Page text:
For over 28 years, Caroline was a dedicated supporter of families caring for loved ones with severe mental illness.
Like many of us, when her daughter was diagnosed with schizophrenia, Caroline and her family found it difficult to obtain guidance and information about the severity and impact of the illness.
Caroline immediately joined a BCSS family support group, and was able to find the answers she needed and more. She met other families who experienced similar challenges, and was able to connect to resources in her community that helped her navigate the mental health system and access appropriate medical care.
Caroline also learned that schizophrenia was more prevalent than people thought, and that fund development was needed to promote and sustain core BCSS programs that provide public education, support, advocacy and research.
This motivated Caroline to become involved with BCSS’ provincial fundraising committee, along the way securing funding to hire a BCSS Family Coordinator to assist families in the Vancouver area. This successful model was soon duplicated in regions throughout the province and continues to exist today.
Caroline also worked to establish BCSS’ first planned giving program, enabling donors to leave a gift in their will for future generations affected by schizophrenia. In 1993, to unite fundraising with effective business practice and build a high level of donor trust, Caroline founded the B.C. Schizophrenia Society Foundation. BCSSF continues to be the fundraising arm of BCSS and recognizes the stability and longevity that planned gifts provide, so that BCSS can continue its critical work.
Over the course of many years, Caroline worked to bring together families coping with schizophrenia, and to further BCSS’ mandate across British Columbia. Her loyalty and dedication for almost three decades merited her reputation as an expert on the short and long-term needs of people with schizophrenia and their families.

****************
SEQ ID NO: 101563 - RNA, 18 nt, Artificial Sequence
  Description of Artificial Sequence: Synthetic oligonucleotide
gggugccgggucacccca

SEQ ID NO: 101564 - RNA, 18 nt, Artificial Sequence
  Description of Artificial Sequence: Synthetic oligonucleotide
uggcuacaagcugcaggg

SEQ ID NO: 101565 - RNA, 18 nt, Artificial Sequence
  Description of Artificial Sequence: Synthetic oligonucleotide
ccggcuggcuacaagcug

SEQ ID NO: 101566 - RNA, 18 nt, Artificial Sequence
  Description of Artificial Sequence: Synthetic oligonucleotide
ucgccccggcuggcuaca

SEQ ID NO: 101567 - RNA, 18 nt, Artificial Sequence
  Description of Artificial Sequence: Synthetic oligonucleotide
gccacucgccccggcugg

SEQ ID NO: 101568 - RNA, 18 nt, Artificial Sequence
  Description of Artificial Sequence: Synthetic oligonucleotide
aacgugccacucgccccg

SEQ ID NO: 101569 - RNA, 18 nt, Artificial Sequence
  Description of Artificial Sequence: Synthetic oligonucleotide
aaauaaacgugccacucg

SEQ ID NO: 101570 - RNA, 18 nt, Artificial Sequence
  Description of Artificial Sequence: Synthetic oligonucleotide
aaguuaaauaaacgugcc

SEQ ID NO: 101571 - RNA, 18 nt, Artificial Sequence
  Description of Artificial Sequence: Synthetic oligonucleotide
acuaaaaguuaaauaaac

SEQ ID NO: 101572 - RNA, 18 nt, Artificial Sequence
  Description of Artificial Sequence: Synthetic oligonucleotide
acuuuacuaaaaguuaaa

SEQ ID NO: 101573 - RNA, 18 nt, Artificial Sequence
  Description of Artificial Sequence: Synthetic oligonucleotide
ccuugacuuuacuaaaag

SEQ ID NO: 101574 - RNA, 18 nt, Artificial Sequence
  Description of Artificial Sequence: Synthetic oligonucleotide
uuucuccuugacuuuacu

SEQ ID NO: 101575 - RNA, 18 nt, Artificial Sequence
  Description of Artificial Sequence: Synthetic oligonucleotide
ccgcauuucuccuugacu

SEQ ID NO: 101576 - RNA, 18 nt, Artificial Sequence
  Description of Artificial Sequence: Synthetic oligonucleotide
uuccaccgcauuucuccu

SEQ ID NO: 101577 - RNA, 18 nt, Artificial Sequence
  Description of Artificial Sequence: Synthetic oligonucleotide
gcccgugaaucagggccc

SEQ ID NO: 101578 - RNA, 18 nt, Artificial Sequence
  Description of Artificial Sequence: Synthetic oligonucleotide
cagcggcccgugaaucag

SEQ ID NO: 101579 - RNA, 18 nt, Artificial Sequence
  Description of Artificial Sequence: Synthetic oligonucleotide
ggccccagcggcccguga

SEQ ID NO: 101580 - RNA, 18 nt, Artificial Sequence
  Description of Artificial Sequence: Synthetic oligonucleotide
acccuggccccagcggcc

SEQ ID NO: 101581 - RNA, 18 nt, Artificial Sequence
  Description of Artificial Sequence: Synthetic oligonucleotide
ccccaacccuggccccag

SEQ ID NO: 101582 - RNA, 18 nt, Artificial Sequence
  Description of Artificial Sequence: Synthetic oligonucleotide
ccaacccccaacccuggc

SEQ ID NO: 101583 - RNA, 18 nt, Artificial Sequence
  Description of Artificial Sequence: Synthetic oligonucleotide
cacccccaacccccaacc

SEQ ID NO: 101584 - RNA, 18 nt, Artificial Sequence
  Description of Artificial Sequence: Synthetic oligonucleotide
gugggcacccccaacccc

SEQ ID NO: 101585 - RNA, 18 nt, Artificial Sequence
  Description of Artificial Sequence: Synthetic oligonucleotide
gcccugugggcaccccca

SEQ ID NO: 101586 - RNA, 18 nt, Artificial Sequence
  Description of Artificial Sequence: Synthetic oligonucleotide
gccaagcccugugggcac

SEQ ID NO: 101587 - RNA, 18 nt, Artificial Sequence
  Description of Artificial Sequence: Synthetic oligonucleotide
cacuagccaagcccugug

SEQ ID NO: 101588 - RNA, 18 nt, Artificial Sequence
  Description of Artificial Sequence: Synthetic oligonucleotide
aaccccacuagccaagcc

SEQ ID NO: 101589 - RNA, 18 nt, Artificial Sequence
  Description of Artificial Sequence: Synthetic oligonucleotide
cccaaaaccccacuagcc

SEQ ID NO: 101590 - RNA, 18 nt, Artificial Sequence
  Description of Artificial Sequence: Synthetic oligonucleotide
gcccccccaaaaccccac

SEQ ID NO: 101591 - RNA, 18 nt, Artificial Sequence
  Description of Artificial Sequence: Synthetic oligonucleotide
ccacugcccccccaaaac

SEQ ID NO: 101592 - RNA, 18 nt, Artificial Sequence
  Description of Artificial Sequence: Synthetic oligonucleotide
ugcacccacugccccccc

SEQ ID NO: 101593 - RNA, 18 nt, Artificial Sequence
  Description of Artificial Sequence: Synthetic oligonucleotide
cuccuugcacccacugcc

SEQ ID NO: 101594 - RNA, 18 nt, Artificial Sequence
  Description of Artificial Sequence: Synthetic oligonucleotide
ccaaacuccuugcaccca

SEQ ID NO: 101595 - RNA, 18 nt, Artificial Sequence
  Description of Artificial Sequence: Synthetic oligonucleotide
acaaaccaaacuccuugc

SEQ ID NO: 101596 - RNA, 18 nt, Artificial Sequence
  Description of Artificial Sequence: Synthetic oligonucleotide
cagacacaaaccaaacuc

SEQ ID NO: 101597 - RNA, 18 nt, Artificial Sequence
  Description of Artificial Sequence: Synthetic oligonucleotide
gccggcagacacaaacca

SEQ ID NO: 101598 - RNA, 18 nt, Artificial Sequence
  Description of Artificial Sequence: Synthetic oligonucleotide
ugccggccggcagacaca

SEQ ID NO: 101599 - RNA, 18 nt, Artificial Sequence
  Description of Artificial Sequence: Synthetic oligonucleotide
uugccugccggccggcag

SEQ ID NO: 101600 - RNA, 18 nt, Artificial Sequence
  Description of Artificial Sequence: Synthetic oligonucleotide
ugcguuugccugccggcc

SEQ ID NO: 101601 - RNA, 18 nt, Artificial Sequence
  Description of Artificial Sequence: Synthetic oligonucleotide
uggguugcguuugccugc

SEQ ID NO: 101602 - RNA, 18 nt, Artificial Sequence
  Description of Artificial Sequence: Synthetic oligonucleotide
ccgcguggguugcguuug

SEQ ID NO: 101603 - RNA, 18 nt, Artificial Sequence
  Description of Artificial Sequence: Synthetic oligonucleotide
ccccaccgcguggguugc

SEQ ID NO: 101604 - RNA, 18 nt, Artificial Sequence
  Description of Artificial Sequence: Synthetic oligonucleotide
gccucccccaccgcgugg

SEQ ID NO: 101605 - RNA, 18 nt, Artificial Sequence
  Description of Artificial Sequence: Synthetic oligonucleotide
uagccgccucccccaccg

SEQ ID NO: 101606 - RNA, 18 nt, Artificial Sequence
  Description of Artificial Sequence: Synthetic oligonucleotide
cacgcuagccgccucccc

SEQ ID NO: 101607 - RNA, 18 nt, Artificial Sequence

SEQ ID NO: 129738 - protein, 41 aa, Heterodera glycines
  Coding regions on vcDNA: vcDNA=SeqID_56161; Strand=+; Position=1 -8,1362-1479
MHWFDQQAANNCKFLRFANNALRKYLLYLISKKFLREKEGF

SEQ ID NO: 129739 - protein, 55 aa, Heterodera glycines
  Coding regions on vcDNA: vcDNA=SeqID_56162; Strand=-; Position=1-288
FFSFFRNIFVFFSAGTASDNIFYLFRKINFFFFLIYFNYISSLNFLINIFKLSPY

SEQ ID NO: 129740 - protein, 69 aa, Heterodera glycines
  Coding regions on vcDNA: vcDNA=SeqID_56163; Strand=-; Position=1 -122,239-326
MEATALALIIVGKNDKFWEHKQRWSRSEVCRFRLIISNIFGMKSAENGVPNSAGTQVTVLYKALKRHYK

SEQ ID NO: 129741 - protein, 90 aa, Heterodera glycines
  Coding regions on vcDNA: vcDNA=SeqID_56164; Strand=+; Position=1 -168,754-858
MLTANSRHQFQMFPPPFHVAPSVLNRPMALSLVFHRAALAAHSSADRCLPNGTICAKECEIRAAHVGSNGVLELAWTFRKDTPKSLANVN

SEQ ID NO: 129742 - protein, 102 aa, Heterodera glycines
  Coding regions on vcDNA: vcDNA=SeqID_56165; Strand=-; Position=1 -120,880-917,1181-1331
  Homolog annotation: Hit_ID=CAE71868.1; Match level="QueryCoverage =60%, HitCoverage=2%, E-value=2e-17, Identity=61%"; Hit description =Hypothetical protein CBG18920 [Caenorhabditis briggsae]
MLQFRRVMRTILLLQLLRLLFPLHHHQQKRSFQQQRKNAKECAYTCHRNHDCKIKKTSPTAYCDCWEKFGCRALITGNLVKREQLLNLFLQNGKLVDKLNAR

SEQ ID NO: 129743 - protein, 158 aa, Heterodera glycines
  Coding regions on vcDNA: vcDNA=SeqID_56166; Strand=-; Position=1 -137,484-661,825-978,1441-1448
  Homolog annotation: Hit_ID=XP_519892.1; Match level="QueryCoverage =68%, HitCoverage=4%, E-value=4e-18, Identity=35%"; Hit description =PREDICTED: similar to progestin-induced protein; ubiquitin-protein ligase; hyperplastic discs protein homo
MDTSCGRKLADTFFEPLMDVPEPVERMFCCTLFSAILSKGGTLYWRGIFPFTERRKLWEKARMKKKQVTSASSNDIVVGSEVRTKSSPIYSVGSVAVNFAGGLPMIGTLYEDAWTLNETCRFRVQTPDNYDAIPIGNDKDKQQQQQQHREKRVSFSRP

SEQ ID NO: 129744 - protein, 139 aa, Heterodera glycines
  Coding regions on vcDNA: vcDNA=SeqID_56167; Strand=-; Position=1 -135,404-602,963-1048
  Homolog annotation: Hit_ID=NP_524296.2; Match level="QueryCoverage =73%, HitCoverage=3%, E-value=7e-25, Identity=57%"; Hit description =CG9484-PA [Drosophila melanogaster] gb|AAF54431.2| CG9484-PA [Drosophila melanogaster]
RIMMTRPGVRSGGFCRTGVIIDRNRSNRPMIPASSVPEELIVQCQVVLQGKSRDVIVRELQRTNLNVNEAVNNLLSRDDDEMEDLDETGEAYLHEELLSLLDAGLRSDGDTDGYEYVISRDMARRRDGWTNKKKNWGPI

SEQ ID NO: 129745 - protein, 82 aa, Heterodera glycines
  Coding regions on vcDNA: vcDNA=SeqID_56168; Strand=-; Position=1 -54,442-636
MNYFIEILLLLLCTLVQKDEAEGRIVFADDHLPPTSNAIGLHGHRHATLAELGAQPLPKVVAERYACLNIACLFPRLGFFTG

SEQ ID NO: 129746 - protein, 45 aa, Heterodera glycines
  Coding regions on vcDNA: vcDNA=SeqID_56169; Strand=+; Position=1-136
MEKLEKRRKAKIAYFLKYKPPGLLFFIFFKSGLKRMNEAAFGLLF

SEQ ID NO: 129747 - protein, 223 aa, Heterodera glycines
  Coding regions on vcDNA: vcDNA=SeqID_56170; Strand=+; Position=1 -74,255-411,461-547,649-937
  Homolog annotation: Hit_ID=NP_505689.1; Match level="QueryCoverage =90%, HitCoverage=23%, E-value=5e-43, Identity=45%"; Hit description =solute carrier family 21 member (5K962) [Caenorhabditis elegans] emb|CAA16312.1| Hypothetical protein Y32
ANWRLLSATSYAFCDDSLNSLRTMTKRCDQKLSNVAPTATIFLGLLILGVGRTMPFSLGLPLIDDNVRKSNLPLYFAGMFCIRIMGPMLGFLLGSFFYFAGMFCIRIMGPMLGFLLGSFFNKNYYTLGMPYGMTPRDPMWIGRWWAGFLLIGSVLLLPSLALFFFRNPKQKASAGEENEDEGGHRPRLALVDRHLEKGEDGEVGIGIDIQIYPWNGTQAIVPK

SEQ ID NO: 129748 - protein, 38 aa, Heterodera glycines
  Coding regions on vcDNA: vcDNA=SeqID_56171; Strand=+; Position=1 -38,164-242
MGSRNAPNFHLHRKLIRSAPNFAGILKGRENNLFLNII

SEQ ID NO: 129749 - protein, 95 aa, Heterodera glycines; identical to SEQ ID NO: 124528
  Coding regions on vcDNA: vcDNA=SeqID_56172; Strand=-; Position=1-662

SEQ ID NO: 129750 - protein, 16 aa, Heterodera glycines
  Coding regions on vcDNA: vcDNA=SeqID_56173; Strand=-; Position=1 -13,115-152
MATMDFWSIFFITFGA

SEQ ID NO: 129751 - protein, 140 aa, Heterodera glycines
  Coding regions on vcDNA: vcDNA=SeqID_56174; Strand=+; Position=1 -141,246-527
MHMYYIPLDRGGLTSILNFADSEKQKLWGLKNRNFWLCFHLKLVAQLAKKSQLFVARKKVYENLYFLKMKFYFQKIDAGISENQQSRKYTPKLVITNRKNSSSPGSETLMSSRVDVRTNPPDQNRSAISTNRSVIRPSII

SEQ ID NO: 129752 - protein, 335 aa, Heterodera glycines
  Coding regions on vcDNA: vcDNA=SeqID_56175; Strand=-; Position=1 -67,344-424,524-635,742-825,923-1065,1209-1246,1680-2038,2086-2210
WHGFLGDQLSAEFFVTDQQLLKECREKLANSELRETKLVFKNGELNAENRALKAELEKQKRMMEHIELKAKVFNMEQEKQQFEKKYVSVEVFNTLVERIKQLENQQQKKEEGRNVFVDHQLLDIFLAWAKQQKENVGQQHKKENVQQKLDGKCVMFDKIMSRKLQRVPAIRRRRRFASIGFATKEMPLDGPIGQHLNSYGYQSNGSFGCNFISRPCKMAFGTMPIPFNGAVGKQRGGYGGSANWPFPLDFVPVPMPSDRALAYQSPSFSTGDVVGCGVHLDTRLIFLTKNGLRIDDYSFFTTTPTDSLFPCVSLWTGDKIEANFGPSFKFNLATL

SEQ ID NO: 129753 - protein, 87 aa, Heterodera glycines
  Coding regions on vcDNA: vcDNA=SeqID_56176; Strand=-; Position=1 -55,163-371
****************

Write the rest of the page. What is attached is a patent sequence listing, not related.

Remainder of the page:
Caroline touched the lives of many people – families, friends, colleagues and researchers to just name a few. The following is just a selection of the many tributes that have been kindly sent to remember Caroline and her legacy.
Memorial Service & Celebration of Life
Wednesday, February 13, 2019 at 2:00p.m.
Arbutus Club (2001 Nanton Avenue, Vancouver, B.C., V6J 3W1)
The family has requested that in lieu of flowers, to please consider making a gift in memory of Caroline Cook to the B.C. Schizophrenia Society. Donations can be made online at http://bcss.org/donate, by calling 604-270-7841, or mailed to B.C. Schizophrenia Society Foundation, 1100 – 1200 West 73 Avenue, Vancouver, BC, V6P 6G5.
If you would like to send in a tribute to be added to this page, please email firstname.lastname@example.org
“We remember the critical role Caroline played to ensure that BCSS could be a sustainable organization for families. On behalf of the 48,000 British Columbians now benefitting from the work of BCSS, we are profoundly grateful for Caroline’s enduring legacy to help alleviate the suffering caused by schizophrenia in British Columbia.”
– Dave Halikowski, President, B.C Schizophrenia Society
“All of us at BCSS involved in helping families cope with this devastating schizophrenia illness, beneficiaries of the services and programs of BCSS, and researchers doing BCSS funded research owe a large debt of gratitude to Caroline for her hard work, vision, and support that helped make BCSS what it is today. Her passion and hard work to this end is an inspiration to those of us who had the privilege to know her personally. We will surely miss her suggestions and words of encouragement. We extend our deepest condolences to the family of this remarkable woman.”